What about the statutory fuel rise?

In April 2022, the statutory fuel rise increased by 54%, increasing electric prices, which could mean there are some worries around whether an electric vehicle is still a cost-efficient choice. This is especially true with the announced Fuel Duty decrease of 5p (6p with VAT) announced to combat rising fuel prices.

Using Contract Hire Full Maintenance with a contract term of 36mths / 20,000 miles per annum across 28 vehicles, we have worked out the cost increases across both ICE and EV vehicles. Fuel costs are based on 75% business miles using Advisory Fuel Rates (AFR’s) and PHEV MPG figures have been reduced by 75% to reflect real world conditions.

TCO of an ICE vehicle


TCO of an BEV vehicle


As you can see, even with the increase in electricity and the decrease in fuel duty, EVs still have a lower TCO than ICE vehicles.

Our view

Calculating the true TCO of your fleet and identifying those drivers who would benefit from a BEV can be challenging. It’s important to take a rounded view of what powertrain would suit you, including how detrimental downtime would be to your business. If you’d like to discuss this further, please contact your Account Manager or our Business Intelligence and Consultancy Team who are able to assist you in producing a TCO analysis to help shape your future fleet policy.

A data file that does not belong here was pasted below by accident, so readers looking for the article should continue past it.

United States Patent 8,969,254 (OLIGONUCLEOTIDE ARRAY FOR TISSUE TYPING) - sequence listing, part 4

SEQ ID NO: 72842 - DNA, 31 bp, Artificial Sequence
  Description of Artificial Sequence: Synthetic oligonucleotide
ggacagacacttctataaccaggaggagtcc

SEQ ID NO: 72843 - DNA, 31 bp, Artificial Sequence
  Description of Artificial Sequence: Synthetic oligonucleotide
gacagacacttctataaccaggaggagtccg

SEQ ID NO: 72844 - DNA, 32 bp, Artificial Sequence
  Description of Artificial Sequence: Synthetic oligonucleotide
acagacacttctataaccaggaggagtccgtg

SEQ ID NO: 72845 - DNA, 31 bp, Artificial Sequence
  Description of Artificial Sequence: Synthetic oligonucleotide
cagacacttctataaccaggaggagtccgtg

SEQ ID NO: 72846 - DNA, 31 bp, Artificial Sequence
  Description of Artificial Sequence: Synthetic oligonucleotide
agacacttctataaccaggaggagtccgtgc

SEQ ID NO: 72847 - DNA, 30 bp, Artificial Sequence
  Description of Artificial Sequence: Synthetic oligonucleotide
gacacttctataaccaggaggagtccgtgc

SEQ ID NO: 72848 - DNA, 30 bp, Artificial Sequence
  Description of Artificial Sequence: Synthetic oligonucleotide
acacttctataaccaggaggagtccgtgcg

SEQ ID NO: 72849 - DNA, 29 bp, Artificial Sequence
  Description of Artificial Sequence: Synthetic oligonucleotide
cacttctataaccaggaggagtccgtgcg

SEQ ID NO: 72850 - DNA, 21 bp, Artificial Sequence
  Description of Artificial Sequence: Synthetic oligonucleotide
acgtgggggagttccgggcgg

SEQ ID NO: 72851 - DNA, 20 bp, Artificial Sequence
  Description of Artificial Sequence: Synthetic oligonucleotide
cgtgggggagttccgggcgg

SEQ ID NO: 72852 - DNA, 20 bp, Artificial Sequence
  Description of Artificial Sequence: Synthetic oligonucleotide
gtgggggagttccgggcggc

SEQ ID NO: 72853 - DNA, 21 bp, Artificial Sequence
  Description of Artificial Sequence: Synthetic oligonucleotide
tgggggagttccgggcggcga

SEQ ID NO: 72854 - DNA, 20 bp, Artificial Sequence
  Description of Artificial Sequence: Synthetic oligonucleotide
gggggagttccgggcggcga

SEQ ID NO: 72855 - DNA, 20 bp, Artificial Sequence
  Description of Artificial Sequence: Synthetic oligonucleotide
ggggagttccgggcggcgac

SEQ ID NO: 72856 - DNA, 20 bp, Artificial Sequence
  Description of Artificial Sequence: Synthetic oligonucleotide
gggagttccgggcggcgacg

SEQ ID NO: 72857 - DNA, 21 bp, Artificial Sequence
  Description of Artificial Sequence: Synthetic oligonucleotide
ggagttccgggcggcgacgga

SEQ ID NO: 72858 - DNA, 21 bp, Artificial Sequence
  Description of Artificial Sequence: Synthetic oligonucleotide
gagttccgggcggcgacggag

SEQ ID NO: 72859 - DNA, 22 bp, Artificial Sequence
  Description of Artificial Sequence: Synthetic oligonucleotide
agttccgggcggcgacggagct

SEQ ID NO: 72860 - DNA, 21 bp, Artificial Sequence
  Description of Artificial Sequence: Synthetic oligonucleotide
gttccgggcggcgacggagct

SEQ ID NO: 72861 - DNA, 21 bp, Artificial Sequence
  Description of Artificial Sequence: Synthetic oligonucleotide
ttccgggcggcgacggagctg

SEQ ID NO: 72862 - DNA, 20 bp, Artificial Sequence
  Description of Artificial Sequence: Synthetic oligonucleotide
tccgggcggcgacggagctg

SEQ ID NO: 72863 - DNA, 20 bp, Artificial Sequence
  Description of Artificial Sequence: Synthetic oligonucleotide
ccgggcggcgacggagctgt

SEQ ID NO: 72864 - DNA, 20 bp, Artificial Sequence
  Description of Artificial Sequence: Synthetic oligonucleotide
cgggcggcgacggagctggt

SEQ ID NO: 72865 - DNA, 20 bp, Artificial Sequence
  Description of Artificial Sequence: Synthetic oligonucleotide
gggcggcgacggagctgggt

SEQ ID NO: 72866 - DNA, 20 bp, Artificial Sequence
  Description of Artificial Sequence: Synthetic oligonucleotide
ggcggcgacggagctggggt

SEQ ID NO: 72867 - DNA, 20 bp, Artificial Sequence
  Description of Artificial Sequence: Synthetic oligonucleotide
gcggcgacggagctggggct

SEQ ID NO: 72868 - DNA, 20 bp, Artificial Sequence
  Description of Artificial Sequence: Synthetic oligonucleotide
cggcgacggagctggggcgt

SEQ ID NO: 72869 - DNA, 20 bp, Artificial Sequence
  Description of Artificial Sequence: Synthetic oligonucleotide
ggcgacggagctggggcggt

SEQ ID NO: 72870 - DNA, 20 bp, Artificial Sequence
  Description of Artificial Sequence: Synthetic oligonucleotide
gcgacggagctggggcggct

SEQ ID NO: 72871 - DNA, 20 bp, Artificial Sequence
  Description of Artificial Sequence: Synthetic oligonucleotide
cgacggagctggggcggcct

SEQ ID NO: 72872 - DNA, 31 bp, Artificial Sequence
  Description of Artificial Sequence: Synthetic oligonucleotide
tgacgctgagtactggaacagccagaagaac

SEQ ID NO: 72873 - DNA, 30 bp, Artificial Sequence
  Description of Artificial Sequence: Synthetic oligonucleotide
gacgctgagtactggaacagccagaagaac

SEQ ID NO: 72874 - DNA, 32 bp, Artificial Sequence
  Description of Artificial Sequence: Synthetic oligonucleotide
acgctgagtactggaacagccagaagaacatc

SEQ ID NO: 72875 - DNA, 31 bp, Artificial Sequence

About the contributor

Tash Turner

Fleet Consultant

Specialisms: Financial modelling, Total Cost of Ownership, Fleet Optimisation and Mobility


Tash has over 12 years’ industry experience, including previous roles in Strategic Account Management at KINTO UK and Venson Automotive, working with a variety of private, public and not for profit businesses with both car and van fleets varying from 50 – 5,000 vehicles.  

Tash joined ALD in 2021, bringing a wealth of experience and proven ability in working in partnership with customers to identify cost-saving opportunities, share best practice and advise on future strategic fleet decisions. She has considerable experience working with businesses to identify the most suitable funding methodologies as well as enabling and supporting the creation of robust, adaptable and suitable fleet polices, including integration of alternative fuels and Total Cost of Ownership (TCO).